I have always been blessed with a residual fitness and after joining the army, it only got better. I was one of those people that just ran; I was never elite but also, I didn’t quit. You know the kind, 'Oh I’ve just smashed 10k before breakfast' etc. I’d go as far as to say I used to look down at people who would train for a 5k and when I left the army I scoffed at work mates training hard for a half and asked them why they didn’t just 'do it!' So, I went and just did it and got my fastest time ever. This was over twelve years ago and I still had the stupidity of youth as well as supreme confidence that the army gave me.
Roll on twelve years and I’ve still not broken that PB, a real bug bear to me. I have, however, realised that running is a journey that we can all undertake. During a counselling session I likened it to life’s journey and it just kind of stuck with me.
Over the last few years I have started to see how hard people actually push themselves to train for an event. After joining a few online running clubs I have made some great friends and watched and cheered as people have progressed through C25K, 10k half marathons and beyond. I now believe that anyone taking on any distance for the first time should be applauded; it’s a massive leap of faith no matter what the distance.
I have an addictive personality. I won’t say I’m addicted to running but I will admit, I do enjoy it and am now happy to use running as an excuse to steer me away from other excesses. If I was to say that I have an addiction, it's trying to break my body in a healthy way; How far can I go? Can I really do that?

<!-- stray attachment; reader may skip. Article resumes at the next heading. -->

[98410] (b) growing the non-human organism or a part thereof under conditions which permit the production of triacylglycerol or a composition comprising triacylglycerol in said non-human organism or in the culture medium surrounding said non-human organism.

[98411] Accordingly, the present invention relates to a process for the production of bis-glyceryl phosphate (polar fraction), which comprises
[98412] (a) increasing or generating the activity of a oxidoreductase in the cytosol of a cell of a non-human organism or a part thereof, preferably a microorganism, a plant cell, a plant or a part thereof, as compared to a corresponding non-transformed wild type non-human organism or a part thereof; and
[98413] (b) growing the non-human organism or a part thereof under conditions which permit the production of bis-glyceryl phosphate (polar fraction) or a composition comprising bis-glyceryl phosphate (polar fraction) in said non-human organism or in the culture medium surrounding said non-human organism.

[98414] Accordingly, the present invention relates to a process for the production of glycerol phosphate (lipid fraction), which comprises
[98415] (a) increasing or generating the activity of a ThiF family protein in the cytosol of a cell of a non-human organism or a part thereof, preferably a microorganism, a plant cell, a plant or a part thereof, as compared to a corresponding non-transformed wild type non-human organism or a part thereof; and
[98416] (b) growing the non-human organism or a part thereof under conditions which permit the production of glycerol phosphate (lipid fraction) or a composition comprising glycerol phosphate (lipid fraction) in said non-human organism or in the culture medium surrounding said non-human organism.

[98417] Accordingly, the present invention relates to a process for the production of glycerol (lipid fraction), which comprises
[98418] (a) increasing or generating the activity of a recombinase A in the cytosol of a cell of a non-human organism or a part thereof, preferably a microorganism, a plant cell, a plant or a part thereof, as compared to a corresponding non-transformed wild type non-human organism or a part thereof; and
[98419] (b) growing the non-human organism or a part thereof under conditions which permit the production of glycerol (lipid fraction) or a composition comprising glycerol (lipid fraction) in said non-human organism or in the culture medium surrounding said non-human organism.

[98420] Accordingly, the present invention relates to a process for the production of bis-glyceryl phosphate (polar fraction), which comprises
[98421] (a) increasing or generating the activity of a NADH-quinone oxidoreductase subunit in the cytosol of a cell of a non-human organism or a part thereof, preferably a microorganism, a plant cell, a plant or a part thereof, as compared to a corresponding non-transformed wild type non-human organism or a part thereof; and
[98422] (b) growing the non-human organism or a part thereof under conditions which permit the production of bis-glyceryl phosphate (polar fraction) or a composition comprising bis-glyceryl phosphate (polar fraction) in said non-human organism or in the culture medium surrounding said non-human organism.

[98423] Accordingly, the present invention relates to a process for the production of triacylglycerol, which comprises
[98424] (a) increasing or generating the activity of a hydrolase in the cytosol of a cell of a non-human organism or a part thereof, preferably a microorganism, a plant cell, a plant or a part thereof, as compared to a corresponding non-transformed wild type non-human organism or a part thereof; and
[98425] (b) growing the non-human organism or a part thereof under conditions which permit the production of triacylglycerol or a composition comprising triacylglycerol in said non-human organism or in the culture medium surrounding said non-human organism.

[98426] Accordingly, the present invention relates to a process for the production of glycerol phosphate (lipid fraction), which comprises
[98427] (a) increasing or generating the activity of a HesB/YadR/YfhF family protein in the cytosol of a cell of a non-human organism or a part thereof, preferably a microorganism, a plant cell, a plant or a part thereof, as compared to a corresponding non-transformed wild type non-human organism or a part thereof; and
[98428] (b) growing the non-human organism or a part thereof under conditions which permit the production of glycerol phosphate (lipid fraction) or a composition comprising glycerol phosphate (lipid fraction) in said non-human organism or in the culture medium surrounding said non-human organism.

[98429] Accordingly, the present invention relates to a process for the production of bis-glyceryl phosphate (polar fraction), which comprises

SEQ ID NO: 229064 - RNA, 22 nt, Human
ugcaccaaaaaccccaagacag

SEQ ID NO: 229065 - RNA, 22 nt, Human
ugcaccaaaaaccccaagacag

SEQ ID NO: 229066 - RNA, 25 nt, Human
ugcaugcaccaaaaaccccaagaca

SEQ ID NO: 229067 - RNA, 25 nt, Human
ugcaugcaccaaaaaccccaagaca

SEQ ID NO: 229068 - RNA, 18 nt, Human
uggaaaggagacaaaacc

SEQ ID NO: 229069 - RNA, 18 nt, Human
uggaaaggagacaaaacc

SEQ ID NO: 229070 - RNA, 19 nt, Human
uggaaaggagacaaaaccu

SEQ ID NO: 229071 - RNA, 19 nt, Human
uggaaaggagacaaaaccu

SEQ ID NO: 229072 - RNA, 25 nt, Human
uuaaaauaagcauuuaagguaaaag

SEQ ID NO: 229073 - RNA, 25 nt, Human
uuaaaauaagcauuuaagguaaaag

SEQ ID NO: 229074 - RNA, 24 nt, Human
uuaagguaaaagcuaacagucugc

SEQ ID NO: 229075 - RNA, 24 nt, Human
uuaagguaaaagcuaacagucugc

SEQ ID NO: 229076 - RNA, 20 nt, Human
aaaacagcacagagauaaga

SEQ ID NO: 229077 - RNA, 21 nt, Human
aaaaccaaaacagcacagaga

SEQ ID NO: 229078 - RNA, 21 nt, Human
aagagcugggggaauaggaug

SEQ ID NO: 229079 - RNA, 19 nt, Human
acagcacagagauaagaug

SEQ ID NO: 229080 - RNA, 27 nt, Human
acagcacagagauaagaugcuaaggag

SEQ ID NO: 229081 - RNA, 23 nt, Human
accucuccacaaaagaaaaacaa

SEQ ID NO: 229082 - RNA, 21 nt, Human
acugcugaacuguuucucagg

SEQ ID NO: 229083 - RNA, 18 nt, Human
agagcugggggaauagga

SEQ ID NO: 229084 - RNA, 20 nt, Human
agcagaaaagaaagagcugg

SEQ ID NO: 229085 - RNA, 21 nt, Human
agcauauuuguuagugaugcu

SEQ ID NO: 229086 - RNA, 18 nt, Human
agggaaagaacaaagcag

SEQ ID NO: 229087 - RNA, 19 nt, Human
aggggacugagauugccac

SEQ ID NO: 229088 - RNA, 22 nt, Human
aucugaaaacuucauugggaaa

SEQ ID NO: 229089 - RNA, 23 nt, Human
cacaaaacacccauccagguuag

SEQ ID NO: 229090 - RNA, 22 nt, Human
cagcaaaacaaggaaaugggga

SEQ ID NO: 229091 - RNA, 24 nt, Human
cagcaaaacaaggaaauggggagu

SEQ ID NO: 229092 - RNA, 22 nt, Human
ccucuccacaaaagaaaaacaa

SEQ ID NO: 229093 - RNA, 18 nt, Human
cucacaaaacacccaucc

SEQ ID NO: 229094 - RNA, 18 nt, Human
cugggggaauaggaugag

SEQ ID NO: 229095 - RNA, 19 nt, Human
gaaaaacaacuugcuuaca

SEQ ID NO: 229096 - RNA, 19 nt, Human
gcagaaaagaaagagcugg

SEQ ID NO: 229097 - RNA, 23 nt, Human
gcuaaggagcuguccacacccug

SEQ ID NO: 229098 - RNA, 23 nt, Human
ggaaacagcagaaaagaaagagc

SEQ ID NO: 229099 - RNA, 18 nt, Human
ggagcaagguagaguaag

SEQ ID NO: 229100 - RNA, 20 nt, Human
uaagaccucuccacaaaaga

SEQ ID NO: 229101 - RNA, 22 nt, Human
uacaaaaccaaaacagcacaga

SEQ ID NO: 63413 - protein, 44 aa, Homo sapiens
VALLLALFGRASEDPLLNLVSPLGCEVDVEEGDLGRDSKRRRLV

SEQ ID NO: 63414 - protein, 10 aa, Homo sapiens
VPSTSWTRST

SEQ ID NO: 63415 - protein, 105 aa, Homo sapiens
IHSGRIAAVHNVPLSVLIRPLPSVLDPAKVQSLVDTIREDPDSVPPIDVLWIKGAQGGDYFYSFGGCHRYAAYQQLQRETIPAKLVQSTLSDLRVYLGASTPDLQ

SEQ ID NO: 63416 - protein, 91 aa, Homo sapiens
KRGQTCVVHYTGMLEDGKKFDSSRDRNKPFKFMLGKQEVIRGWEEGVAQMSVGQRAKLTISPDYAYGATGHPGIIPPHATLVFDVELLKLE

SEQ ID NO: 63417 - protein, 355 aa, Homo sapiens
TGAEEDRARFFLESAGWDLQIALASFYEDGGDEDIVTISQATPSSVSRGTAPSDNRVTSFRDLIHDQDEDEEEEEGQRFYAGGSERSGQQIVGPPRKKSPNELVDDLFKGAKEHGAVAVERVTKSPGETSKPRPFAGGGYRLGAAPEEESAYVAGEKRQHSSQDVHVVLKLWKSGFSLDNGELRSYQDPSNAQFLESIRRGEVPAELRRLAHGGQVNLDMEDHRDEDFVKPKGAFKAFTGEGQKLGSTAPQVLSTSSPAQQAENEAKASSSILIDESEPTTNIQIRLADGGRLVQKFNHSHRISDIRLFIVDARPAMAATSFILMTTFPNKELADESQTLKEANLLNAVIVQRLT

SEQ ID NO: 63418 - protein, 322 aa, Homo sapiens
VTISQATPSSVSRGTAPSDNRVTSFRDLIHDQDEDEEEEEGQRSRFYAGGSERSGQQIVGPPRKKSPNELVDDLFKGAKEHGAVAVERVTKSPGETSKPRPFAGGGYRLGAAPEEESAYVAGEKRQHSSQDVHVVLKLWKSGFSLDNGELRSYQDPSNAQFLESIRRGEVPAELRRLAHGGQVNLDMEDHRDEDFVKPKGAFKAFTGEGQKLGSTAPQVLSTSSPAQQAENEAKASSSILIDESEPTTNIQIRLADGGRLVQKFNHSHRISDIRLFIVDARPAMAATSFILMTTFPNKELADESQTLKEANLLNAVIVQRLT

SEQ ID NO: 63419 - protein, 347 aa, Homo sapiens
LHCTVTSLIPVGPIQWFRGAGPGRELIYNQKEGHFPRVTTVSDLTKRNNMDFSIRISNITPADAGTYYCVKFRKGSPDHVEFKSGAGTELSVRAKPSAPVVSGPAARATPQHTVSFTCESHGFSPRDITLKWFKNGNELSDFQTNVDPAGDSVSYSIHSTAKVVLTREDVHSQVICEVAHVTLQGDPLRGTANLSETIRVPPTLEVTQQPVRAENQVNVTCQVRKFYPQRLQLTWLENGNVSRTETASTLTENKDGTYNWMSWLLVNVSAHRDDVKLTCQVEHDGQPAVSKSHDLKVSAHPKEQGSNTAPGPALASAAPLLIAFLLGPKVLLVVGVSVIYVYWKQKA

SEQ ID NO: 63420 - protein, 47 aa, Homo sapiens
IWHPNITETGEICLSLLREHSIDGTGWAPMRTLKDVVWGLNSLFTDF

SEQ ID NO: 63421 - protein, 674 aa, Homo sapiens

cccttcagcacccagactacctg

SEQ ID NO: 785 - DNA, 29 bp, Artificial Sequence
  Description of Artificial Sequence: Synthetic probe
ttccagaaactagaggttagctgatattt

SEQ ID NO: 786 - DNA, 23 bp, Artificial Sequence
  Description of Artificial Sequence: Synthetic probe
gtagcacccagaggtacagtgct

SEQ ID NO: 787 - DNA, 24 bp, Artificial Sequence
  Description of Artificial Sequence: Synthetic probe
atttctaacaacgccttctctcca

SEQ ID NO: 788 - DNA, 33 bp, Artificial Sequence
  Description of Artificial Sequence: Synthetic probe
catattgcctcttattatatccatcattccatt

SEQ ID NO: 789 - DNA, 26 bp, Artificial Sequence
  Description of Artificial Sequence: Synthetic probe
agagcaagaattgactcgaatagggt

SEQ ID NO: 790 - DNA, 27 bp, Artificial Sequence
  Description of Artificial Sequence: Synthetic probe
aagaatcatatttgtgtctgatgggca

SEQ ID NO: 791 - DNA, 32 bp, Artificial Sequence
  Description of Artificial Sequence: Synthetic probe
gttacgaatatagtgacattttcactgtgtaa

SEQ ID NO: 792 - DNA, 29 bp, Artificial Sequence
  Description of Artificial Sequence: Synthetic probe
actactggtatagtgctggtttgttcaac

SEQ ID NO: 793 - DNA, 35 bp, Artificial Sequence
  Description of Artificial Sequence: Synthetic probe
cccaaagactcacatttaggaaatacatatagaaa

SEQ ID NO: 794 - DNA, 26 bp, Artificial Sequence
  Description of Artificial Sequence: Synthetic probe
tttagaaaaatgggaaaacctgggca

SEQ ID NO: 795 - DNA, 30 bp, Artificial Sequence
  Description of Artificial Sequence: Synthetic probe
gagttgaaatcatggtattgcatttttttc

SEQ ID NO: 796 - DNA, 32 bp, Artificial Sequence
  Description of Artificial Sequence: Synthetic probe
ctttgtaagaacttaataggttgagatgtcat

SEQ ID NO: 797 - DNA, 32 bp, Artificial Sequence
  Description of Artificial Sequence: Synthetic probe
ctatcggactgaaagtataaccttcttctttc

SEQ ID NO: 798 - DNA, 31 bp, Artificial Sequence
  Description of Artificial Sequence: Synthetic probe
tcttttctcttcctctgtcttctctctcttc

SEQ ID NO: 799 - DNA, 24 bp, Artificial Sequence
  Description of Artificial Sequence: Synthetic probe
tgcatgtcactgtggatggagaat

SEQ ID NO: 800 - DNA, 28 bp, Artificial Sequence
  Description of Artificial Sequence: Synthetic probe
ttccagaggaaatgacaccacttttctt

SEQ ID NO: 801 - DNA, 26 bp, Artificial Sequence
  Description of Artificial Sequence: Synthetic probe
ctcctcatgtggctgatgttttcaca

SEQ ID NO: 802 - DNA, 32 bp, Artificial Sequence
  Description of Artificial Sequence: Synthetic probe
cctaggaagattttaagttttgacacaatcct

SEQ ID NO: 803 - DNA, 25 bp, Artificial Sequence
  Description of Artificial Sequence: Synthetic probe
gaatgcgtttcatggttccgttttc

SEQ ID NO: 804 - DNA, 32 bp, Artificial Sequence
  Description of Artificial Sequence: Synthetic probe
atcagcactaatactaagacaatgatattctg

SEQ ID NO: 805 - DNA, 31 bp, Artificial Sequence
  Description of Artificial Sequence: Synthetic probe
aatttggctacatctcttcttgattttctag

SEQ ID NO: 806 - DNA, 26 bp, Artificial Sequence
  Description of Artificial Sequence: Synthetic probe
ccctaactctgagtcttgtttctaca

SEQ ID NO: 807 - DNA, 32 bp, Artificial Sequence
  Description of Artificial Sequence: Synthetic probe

As I’ve grown older, I’ve come to realise that I no longer possess the fitness, stamina or stupidity of youth. To achieve the goals I now set myself, I too have to train just as hard as everyone else. As long as my body is fit and my mind is able, I’ll continue to push my boundaries. I still have a few 'bucket list' challenges that I’d love to do and as ever I’ll most likely do them for charity; helping others in the process.
This is my passion. I urge everyone to get outside, enjoy what nature gives us and if so inclined, RUN! Feel the breeze across your face, the ache in your legs, the burn in your lungs and the life in your blood, but most of all enjoy it.
I took part in the Portishead running event in 2019 and got to hear about Ben and his story (I’d been oblivious until then). His whole attitude and ethos rings true with mine and I knew he’d need as much support as possible. It also sounded quite epic!
I’m finding it ok, recently my running has slacked off but I do enjoy checking in to see where I am. The map option can really open your eyes to some great views and also make me think about how at times, just how monotonous it will be for Ben.
Has the USA Virtual Challenge helped you? Yes and No. I quite often forget about it. Facebook and its algorithms don’t help. If I don’t have anything on though it keeps me pushing onwards, with such a massive goal ahead of me I know I need to keep going. The facebook group is great though and its really nice to see the 'live' views of where people are.
I love the fact that you can use so many different exercises, it makes it so accessible. I did intend to only use Runs/Walks, but I’ve added a bike ride or two. This was my own choice and I think it is brilliant how many activity options there are.
Do it. It’s really that simple. The group is amazing and it really is so accessible, you’ll cover more miles than you thought.
If you want to join Graham and take part in one of our Virtual USA Challenge missions, you can register HERE, where will your adventure take you?